A Dangerous Method Movie Review
A Dangerous Method Moo-Vees Review:
AN undeniably fascinating and achingly formal period drama, A Dangerous Method transports the viewer to a crucial crossroads in the evolution of modern psychoanalysis.
(Most of you probably nodded off during that opening paragraph. Go get a coffee, and I’ll wait for you below.)
There’s due to be a head-on collision between two famous founding fathers of therapy for the mind.
A Dangerous Method is in the early 1900s and all, it’s going to take yonks to happen. The cars didn’t go that fast back then, remember. To help the time pass, we are first introduced to a worryingly nervous young Russian woman named Sabina Spielrein (Keira Knightley).
Christopher Hampton (screenplay), John Kerr (book)
Michael Fassbender, Keira Knightley and Viggo Mortensen
Her favourite pastimes, she says, are suicide and interplanetary travel.
This statement (and her endearing habit of screaming at short notice) can only lead the viewer to deduce the following. Either Miss Spielrein is: (a) lying; (b) not that good at either discipline; or (c) stark raving mad.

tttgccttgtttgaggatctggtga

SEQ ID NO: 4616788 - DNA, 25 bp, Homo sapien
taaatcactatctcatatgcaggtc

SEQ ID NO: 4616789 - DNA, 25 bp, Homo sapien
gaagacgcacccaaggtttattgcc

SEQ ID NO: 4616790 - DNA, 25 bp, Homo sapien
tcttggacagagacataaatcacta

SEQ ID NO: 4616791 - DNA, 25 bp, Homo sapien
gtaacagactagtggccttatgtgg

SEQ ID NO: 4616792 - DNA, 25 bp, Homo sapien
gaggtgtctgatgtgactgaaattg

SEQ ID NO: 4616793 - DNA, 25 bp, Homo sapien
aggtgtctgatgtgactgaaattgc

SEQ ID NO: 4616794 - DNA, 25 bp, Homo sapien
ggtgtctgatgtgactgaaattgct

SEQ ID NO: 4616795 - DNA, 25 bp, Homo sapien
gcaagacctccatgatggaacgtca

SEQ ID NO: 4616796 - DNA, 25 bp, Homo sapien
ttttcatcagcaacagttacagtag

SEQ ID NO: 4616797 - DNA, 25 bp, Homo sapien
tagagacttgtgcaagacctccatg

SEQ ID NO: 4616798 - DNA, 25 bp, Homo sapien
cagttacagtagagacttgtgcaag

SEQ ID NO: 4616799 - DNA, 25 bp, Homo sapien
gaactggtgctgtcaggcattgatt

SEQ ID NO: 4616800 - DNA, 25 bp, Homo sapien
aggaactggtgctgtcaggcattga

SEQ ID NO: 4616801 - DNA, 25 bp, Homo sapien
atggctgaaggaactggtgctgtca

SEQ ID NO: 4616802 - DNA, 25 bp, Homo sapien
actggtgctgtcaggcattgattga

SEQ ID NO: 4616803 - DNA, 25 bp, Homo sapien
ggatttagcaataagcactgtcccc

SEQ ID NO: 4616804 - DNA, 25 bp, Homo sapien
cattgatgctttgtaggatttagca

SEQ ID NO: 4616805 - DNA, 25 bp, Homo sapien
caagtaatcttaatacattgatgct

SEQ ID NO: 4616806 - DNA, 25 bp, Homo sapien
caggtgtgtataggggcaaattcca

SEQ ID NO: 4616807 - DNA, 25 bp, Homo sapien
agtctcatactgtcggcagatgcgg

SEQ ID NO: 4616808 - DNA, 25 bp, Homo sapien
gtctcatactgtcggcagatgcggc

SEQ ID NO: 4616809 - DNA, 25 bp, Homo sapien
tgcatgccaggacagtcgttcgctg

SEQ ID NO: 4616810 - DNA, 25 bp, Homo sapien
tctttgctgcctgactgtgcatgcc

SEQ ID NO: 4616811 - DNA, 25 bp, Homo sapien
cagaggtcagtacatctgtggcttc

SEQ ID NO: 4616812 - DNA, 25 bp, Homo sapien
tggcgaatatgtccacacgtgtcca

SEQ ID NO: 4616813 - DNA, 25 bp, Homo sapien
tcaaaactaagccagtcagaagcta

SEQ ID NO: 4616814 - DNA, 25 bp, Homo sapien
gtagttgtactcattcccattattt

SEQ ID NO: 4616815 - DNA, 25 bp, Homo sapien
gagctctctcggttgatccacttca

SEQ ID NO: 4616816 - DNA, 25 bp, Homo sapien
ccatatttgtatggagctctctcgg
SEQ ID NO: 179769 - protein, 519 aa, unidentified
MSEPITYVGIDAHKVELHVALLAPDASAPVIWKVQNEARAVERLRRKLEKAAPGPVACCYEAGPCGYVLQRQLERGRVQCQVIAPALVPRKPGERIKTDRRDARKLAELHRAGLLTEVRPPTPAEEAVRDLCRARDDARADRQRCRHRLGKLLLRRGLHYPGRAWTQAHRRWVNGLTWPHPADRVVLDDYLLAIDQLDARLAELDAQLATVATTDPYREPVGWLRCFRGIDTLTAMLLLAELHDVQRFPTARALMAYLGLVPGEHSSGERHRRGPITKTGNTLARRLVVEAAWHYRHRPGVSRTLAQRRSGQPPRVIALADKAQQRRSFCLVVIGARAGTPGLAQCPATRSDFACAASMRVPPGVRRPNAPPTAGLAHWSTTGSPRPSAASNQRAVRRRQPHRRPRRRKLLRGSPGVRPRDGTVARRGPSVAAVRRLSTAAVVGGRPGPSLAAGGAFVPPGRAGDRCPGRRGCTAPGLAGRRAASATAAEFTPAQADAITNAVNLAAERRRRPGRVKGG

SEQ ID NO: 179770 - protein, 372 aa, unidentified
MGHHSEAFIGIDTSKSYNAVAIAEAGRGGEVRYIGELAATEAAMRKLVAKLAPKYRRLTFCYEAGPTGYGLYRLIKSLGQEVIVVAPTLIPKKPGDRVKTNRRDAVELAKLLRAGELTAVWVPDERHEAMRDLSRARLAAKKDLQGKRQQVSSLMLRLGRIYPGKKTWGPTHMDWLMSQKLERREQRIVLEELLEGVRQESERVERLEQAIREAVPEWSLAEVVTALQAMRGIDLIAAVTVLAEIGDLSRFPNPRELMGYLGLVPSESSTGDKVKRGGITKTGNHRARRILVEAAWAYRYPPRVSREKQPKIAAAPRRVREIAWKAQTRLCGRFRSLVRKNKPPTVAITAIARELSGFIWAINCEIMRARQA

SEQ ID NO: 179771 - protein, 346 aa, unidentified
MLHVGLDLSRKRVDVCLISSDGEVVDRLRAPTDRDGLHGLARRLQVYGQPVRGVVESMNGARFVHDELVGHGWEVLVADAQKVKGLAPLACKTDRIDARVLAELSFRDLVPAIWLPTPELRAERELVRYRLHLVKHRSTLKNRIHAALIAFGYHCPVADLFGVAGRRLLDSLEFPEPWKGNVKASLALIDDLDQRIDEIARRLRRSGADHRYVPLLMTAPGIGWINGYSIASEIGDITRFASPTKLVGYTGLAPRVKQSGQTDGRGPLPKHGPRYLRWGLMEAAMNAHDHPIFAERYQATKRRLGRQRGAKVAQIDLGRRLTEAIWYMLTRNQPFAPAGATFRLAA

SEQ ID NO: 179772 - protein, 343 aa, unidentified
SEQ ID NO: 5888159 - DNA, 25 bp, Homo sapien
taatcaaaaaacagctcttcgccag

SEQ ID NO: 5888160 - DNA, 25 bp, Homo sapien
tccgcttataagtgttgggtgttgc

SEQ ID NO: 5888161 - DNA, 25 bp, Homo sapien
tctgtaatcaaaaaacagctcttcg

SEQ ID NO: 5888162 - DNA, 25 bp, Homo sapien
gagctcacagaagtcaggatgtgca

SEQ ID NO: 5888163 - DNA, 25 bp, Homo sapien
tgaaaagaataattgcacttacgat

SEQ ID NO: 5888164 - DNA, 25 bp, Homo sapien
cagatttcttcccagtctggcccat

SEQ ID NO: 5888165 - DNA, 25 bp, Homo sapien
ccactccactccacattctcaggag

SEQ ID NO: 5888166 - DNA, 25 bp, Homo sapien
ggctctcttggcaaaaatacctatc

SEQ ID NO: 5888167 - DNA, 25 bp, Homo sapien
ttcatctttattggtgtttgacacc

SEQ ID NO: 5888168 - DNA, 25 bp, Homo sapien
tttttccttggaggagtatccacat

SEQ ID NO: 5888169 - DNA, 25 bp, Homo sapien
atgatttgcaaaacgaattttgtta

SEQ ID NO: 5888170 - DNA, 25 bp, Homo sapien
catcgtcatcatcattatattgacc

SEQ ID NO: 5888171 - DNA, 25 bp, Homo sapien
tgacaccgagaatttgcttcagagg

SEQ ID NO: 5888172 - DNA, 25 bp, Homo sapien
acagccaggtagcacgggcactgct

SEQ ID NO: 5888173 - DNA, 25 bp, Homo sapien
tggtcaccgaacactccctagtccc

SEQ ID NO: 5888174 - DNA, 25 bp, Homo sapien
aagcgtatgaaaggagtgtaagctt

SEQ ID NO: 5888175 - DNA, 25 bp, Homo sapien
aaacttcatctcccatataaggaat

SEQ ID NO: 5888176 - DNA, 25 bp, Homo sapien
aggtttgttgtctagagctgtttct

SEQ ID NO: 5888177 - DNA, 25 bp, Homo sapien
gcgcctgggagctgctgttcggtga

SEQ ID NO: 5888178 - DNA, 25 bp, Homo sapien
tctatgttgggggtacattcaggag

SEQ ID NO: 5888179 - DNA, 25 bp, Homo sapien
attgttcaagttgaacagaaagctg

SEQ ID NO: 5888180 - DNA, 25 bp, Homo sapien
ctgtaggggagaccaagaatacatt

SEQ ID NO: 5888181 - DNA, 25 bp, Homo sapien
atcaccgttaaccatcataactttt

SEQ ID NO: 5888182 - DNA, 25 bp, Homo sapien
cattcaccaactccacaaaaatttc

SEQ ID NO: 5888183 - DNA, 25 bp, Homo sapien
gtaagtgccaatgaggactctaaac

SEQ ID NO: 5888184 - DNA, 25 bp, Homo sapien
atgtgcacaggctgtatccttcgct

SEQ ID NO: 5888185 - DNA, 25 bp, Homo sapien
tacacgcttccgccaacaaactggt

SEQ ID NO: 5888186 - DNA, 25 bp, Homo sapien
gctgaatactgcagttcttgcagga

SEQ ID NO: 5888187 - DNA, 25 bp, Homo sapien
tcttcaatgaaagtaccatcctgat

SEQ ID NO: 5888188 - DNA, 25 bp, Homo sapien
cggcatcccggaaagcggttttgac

All of the above make Sabine the perfect patient for aspiring German super-shrink Carl Jung (Michael Fassbender). He believes this new-fangled psycho-therapy idea is so crazy it just might work.
Jung soon becomes a pen pal – and then a best bud – of the one and only Sigmund Freud (Viggo Mortensen). But the two are destined to become the best of frenemies on ideological grounds.
In A Dangerous Method, Siggy reckons any problem with the brain box is all about sex. Carl kind of agrees for a while, then comes to think the psyche isn’t strictly hard-wired to the crotch.
The film steps purposefully through the tale it has to tell as all big-deal biopics should.
The vibe here is confident, committed, and – let’s not beat about the long black couch here – just that little bit boring.
Just like Jung and Freud themselves.
Fassbender and Mortensen complete their duties with an aptly clinical precision, though both overdo the pregnant pauses and quizzical stares. Perhaps they were billing the producers by the hour?